What would be your advice for a beginner interested in being an operator. How can I as a real estate agent bring value to an operator right now? 

I look forward to hearing from you all. Thanks 

 Amanda,

I have acquired over 1,000 apartment units and I have a very good operation out in Cincinnati Ohio (although I do have properties in other states).

You're asking a very good question that a lot people who approach me for "mentoring" don't ask. As a result, I tell them NO - even if they offer me money - because my time is just too valuable.

Having said that, here's my answer to your question "How I can add value to an operator?"

There are only 2 things a successful apartment operator needs:

  1. We need more DEALS; and
  2. We need more MONEY to acquire those deals

If you can find more deals and learn how to raise capital, then you can add value to an operator.

Now, you might be saying: "If I can find the deals and raise the money, then I can be an operator already, right?!"

WRONG.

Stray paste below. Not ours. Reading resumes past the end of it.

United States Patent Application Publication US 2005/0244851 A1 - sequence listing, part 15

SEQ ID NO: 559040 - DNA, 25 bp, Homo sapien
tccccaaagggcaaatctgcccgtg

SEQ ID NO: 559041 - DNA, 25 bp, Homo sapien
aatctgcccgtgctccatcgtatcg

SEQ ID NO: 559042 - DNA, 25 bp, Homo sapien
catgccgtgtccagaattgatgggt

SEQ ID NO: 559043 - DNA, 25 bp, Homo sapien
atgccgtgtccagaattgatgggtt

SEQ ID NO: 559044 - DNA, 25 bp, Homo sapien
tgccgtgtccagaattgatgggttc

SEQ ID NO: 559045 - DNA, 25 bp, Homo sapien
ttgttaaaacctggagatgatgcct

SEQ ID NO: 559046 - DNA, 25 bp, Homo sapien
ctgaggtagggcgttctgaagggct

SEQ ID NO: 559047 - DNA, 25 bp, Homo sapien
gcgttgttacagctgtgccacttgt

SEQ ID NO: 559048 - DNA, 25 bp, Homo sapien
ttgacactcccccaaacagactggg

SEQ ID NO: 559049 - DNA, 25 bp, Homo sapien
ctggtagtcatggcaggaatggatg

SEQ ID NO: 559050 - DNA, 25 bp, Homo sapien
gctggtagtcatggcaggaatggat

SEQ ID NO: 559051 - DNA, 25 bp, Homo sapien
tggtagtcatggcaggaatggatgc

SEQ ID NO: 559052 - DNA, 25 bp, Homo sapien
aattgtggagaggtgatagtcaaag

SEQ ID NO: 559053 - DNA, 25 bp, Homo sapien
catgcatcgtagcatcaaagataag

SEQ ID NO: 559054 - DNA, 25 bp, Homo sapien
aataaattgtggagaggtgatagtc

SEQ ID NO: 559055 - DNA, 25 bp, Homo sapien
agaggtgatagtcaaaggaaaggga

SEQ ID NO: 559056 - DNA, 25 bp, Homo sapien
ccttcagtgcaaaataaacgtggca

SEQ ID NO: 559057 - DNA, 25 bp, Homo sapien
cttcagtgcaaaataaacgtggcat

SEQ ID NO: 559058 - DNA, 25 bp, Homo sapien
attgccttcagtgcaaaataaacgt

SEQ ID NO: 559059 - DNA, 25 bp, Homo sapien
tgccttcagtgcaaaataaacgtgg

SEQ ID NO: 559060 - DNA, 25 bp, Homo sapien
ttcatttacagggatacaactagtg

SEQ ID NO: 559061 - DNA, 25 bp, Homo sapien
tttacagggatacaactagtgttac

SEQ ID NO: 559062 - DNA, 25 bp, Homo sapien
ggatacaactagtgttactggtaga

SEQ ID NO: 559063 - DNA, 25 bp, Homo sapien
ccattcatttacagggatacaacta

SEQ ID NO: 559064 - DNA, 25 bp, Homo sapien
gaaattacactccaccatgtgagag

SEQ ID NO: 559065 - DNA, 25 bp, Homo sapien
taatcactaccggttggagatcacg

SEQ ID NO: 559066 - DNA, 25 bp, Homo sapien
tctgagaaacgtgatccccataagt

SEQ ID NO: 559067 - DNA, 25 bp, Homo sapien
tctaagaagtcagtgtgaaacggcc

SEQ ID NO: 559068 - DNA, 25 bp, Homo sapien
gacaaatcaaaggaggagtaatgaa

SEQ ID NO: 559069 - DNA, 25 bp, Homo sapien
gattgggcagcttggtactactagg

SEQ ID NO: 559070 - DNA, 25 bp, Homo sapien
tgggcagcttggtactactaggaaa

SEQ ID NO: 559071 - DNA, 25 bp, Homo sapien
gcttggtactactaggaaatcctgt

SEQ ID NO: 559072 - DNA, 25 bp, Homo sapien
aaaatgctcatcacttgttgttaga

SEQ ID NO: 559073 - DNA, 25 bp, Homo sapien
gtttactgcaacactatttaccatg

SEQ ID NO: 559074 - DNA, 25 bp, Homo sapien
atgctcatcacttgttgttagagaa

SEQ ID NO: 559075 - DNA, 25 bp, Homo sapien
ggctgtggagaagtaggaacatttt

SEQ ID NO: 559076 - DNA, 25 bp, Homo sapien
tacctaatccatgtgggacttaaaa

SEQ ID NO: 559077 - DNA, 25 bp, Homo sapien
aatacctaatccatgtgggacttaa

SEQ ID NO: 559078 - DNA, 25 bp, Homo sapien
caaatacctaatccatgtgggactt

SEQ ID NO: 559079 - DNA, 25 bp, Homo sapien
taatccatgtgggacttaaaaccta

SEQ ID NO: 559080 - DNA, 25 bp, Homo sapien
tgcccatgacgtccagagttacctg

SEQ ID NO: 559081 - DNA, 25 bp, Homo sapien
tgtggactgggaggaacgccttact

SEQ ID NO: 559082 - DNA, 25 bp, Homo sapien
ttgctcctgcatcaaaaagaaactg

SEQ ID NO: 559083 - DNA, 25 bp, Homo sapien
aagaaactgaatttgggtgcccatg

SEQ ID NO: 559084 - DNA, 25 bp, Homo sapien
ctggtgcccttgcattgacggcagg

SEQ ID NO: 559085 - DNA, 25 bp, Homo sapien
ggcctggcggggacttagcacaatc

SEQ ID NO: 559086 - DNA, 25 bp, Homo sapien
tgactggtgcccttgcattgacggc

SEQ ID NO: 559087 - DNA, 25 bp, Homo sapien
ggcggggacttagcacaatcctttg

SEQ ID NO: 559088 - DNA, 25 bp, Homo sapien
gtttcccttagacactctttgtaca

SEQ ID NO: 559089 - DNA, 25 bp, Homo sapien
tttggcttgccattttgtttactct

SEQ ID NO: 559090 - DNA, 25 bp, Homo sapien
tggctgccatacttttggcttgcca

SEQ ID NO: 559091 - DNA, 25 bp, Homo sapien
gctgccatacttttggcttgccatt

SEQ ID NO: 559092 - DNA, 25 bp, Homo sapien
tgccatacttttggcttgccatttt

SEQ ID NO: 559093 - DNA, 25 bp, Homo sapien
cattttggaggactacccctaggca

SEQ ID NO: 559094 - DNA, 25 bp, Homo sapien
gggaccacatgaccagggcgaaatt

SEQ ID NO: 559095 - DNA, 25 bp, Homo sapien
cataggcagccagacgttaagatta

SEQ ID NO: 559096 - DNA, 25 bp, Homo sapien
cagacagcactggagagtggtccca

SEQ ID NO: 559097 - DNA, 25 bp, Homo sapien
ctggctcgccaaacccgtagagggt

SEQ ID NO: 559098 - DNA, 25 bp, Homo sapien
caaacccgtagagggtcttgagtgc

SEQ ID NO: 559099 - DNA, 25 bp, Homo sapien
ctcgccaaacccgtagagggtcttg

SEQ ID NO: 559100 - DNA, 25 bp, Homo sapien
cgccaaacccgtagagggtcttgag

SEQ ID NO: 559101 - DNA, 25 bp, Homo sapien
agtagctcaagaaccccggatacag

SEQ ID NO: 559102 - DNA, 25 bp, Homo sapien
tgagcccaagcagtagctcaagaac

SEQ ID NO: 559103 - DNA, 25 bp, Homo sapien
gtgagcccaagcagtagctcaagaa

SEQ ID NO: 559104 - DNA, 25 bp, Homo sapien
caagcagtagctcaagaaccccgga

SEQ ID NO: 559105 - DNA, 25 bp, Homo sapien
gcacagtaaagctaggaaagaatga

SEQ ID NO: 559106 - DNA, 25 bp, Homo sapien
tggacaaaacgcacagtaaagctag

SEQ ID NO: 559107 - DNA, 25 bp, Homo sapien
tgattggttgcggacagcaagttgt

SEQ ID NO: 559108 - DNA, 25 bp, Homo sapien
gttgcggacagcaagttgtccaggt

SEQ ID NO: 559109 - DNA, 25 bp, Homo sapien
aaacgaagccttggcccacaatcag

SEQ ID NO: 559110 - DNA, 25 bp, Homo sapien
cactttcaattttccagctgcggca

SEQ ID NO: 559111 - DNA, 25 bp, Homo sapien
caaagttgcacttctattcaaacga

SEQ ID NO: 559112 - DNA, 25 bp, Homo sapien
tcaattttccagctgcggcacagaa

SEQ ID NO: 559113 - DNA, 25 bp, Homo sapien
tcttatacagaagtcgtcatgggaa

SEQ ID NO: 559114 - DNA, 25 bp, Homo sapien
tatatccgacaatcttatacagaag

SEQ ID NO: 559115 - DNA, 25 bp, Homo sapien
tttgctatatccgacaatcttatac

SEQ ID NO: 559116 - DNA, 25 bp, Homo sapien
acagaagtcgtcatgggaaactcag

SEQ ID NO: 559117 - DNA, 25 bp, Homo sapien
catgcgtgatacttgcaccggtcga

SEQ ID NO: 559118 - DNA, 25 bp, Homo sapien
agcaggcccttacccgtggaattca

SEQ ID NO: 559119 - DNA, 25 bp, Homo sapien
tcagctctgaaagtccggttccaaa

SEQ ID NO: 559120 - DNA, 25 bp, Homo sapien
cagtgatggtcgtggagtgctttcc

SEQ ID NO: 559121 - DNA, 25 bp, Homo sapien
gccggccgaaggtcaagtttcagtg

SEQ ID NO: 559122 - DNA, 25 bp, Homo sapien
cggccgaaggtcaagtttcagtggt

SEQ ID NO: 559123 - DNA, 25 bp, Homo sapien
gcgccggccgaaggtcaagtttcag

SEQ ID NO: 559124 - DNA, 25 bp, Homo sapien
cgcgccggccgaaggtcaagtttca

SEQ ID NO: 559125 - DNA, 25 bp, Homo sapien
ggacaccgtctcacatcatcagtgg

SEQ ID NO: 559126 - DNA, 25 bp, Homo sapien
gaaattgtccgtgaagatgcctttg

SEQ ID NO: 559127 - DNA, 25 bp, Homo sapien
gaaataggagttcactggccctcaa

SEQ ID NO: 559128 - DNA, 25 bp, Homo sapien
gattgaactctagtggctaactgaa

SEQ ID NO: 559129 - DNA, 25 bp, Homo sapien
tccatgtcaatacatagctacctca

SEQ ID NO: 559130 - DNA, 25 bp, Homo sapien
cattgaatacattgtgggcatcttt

Being an apartment syndicator-operator takes a lot more than finding deals and raising capital. The "secret" sauce is finding a property not favored by the amateurs (or the majority of real estate investors), finding the value in it, and having the guts, strategy and the leadership skills to make the deal happen.

Here's an example deal I did - a 48-unit apartment building with only 8 units occupied and how I turned things around such that I sold it for over a $1 MILLION profit 6 years later. Not many investors here can do what my team was able to accomplish.

Here are the details:

https://www.biggerpockets.com/forums/311/topics/644570-how-i-made-over-1-million-on-1-deal-after-6-years-of-headaches

@Michael Ealy Amazing work...that was so inspiring! Thank you so much for your insight! I know being an operator takes a lot of work and skills and won’t happen over night and that’s why partnering with experienced and knowledgeable operators and learning the business is important to me! 

We asked the same question after trying to get LOI's accepted but to no avail.... turn out no-one cared we were going to flip 200 houses this year- they wanted to know about our MF experience. That being said, we vetted multiple sponsors and partnered with 2 to raise and deploy capital with. We have closed on 32mm in assets this year with another 34mm under contract. It truly helped us "cut the line" and get involved in these deals in a big way